GO - LINUX 03

Yesterday I went to the GO-LINUX event. Everybody was very enthusiastic, but I expected too much and got disappointed. I expected the technical part to actually have time to be technical, but 20 minutes for the virtual memory or for an overview of kernel 2.6 is hardly enough (not to mention Dan Shachter being sick, and not giving the VM talk).

I guess, if I want a conference that would please me, I need to arrange it. Well, August comes soon, so it is high time to start arranging another August Penguin!

The sawing machine

Another disappointment is the sewing machine I bought, "Sewing Genie" (Were they thinking of Spinning Jenny when they chose the name for the product?). I bumped in the supermarket into a mini electric sewing machine, all boxed and wrapped up, which cost only 50$, and seemed to have all the functionality of a primitive sewing machine, which is just what I needed. Still , I felt there must be a catch. Maybe the catch was that it runs on battteries? A mere plaything? No, it said on the box that it uses an adapter. Maybe the catch was that it needs a 6V adapter? Or was it the garrantee? Well, I could live with a sewing machine that costs just 50$ if I found out it will not do jeans, I thought. And the man vouchered for the garrantee of the store.

Arriving home, I postponed the minute of openning the shrink-wrap, in order to enjoy it more. The package stood in the middle of the living room for several hours, until I decided to open it. With feelings of great awe I removed the plastic wrappers, one by one, and raised the sewing machine to the level of my eyes.

The place where the electricity cord was supposed to be inserted was filled with hot glue, (which was also smeared on the bottom of the machine) and a label said : "Not to be used with an adapter".

What a shame that the nice sewing machine goes back to the store...

Yesterday I avoided trying to get elected for the board of HET, thought the thought had crossed my mind. I still want to get their site in a better location, and better organized, and master the secrets of ezmlm in order to maintain the mailing list for them. Although, when they speak of a mailing list, they refer to a text file which they print on envelopes.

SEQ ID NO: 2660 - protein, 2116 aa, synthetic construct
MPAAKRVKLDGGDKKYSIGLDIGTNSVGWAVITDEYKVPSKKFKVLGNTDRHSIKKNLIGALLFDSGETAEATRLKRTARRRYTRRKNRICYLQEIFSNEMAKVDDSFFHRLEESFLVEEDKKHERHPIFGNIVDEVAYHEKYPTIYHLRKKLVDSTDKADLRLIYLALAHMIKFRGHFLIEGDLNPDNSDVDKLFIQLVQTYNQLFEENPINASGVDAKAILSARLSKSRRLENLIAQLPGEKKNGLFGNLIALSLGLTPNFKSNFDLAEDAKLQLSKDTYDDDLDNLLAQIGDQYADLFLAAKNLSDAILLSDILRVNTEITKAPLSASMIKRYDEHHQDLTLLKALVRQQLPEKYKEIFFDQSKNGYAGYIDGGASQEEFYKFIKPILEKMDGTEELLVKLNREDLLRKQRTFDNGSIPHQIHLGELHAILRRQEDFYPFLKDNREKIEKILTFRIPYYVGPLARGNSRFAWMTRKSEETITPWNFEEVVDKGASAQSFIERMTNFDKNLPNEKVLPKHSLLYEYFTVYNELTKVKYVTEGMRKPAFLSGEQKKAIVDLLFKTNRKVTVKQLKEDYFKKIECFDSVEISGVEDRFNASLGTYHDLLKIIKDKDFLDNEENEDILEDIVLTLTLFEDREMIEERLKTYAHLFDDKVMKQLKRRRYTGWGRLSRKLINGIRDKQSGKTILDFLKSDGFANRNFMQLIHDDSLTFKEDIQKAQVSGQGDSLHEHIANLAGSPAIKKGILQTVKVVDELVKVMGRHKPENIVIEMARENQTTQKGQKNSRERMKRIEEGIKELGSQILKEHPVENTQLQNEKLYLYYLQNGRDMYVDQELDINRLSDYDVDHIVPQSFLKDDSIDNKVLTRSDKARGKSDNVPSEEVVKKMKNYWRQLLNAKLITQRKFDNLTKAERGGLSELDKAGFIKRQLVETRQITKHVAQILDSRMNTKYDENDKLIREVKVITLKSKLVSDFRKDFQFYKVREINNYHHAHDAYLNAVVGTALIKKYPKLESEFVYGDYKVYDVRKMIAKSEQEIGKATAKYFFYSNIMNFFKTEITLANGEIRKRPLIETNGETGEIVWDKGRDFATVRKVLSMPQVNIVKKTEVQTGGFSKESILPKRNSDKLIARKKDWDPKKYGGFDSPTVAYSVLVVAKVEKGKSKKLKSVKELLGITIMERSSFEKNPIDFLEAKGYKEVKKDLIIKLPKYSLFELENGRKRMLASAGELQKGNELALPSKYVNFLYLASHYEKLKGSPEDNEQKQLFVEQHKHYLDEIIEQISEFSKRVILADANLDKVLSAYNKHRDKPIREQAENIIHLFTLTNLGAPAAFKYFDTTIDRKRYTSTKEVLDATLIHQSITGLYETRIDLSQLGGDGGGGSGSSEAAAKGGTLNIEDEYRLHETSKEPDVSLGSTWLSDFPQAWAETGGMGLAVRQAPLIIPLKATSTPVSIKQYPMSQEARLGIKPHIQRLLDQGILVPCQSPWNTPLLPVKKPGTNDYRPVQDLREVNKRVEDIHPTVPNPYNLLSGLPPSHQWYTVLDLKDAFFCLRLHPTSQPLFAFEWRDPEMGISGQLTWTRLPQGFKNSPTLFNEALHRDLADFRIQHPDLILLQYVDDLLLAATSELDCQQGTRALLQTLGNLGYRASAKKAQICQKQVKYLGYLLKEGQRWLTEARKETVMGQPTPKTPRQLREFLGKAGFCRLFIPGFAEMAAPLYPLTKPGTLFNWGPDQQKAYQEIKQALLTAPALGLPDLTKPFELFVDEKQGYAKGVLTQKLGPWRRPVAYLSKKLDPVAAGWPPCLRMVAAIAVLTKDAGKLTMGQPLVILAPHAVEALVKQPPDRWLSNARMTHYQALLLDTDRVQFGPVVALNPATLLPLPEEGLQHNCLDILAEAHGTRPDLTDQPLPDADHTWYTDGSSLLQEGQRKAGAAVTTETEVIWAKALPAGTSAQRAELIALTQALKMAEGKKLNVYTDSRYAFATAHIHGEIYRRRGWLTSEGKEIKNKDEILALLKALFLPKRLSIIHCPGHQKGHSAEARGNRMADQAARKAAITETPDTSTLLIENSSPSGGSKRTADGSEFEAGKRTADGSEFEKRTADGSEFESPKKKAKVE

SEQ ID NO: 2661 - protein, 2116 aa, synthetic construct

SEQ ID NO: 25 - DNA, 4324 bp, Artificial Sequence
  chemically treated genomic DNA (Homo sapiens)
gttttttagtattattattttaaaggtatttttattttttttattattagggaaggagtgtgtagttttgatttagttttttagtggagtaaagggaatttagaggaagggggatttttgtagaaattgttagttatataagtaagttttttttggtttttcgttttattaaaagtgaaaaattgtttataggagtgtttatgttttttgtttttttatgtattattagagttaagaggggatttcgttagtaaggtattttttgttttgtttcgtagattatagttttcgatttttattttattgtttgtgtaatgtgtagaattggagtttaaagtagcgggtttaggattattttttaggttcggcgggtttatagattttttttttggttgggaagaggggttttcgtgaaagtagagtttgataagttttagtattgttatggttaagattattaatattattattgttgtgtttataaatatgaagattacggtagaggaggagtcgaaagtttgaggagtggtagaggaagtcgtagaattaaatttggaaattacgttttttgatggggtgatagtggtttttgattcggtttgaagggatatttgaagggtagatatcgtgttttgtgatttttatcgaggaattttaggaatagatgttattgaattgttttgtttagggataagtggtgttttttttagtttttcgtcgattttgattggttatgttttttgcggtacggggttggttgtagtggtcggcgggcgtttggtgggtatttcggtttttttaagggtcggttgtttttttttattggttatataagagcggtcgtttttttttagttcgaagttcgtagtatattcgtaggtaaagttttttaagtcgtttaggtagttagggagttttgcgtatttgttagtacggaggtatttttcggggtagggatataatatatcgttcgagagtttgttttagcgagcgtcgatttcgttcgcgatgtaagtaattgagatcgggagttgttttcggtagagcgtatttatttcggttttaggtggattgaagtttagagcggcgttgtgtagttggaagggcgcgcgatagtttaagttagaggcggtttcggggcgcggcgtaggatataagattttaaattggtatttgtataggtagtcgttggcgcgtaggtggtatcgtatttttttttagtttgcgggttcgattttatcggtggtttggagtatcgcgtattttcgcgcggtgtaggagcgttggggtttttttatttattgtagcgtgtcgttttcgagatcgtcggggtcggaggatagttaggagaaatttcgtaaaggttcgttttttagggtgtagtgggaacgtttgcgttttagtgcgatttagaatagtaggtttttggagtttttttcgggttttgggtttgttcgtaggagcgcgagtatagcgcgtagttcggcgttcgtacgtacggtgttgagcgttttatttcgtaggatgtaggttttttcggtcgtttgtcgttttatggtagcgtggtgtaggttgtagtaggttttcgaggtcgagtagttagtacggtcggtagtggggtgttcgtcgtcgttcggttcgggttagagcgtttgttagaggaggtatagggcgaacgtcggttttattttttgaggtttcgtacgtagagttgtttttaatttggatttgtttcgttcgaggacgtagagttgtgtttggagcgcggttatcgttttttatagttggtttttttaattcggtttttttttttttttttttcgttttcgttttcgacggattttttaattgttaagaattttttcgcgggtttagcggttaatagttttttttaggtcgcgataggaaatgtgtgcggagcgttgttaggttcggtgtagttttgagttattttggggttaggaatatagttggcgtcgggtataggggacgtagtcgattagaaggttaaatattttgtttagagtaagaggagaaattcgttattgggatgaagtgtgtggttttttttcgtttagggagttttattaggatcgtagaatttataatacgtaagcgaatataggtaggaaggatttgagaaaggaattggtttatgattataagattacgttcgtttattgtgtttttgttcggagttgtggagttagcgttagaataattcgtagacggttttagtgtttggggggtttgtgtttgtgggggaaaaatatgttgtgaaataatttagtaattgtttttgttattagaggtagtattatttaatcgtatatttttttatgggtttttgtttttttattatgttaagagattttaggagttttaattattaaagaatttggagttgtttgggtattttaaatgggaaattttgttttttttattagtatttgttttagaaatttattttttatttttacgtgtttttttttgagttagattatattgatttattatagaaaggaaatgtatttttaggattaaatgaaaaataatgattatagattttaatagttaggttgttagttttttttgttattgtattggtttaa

The cause of my surgery is now written in bold letters on my form:

PATHOLOGY: CAT.

Is it not great to know that I am one in 50,000?

And yet, would I have taken the cat, had I known that I would have to go through surgery because she gave me a contamination (and the doctors did not bother to do a simple blood test)?

3 Apr 2003 (updated 9 Apr 2003 at 16:03 UTC) »

This past week has been most eventful. I had a surgery done on Monday. I was foolish enough to think that if it was over fast enough, I will be able to attend Guy's lecture about memory allocation. After two days of bandage and not being able to move my head properly, I am now a free neck. And a body attached.

My exam was finally compeleted. I got 90. Now the notorious corrections, and I will be done with that.

My sister Shunit is the winner of the Zionut contest in her school. She is now the proud owner of a new webcam. They did not give practical prizes in my days...

Ranny has his annual birthday party, and I am not to buy him hamsters. the last ones ran away through the draining pipe. But fish are known to run away as well.

Muli and me are searching for a place together now. We are currently inspecting a flat with a fish pool in the back yard. And some frogs.

Installfests

I have written an installfest howto, intended for the concurrent installfest (installation party) organizers, with a stress on Israeli ones. It seems like the average installfest nowadays is mainly about people who know Linux, who help or do the work for people who are not familiar with Linux. 5 years ago, an installfest was an event of communication: a strong server where people who knew what they were doing got to plug their computer in and download quickly the whole OS. No PR was needed: the assumption was that the difficulty was in getting Linux, not in overcoming the fear of abandoning the "safe", partially functional other-OS with its known bugs.

kilmo gave a good lecture in haifux which made some order in the mess in my mind regarding boot loaders, partitions, cylinders and head. One might expect each head wear a cylinder, right? well, in each cylinder there are 256 heads, it appears. And I almost fell to believe that HardDisks nowadays are made with 256 real heads accessing the data at the same time. Quite an imrovement, I thought, since I read of two heads per disk in 1997...

Hardware has never been my cup of tea. Actually, I see it as the final stage of the "Computer Concept":

  • Write a program which computes something: the area of a triangle, for example. Assume the CPU will do some magic for you.
  • Have the program interact with the user, have it print to the screen, or even to a file. Assume the filesystem and shell will do some magic for you.
  • Have your program actually DO something in the computer world, such as access files, remove them, open sockets and pipelines. Assume the Operating System does some magic for you.
  • Compile your program while taking into account the architecture of the machine you are using. Assume the Virtual Memory and the Hardware will do some magic for you.
  • Stop being childish. There is no magic. Understand how the magic you once had to assume really works. tk, the danger in being named by a number (an ID number instead of my name, in that case) is that any "word" which contains 9 digits is valid. Hence, there is no possibility to correct mistakes in that kind of encoding. There is a limited error detection capability, since the last digit is computed from the others. The only problem is that few people know how to compute it. I do not. And yet, I finally made the Technion clerks (after several months of trying) change my name to what it really is. Now my name finally matches my number, which was the sole solid identification manner so far.
  • I am not a number, I am a free person!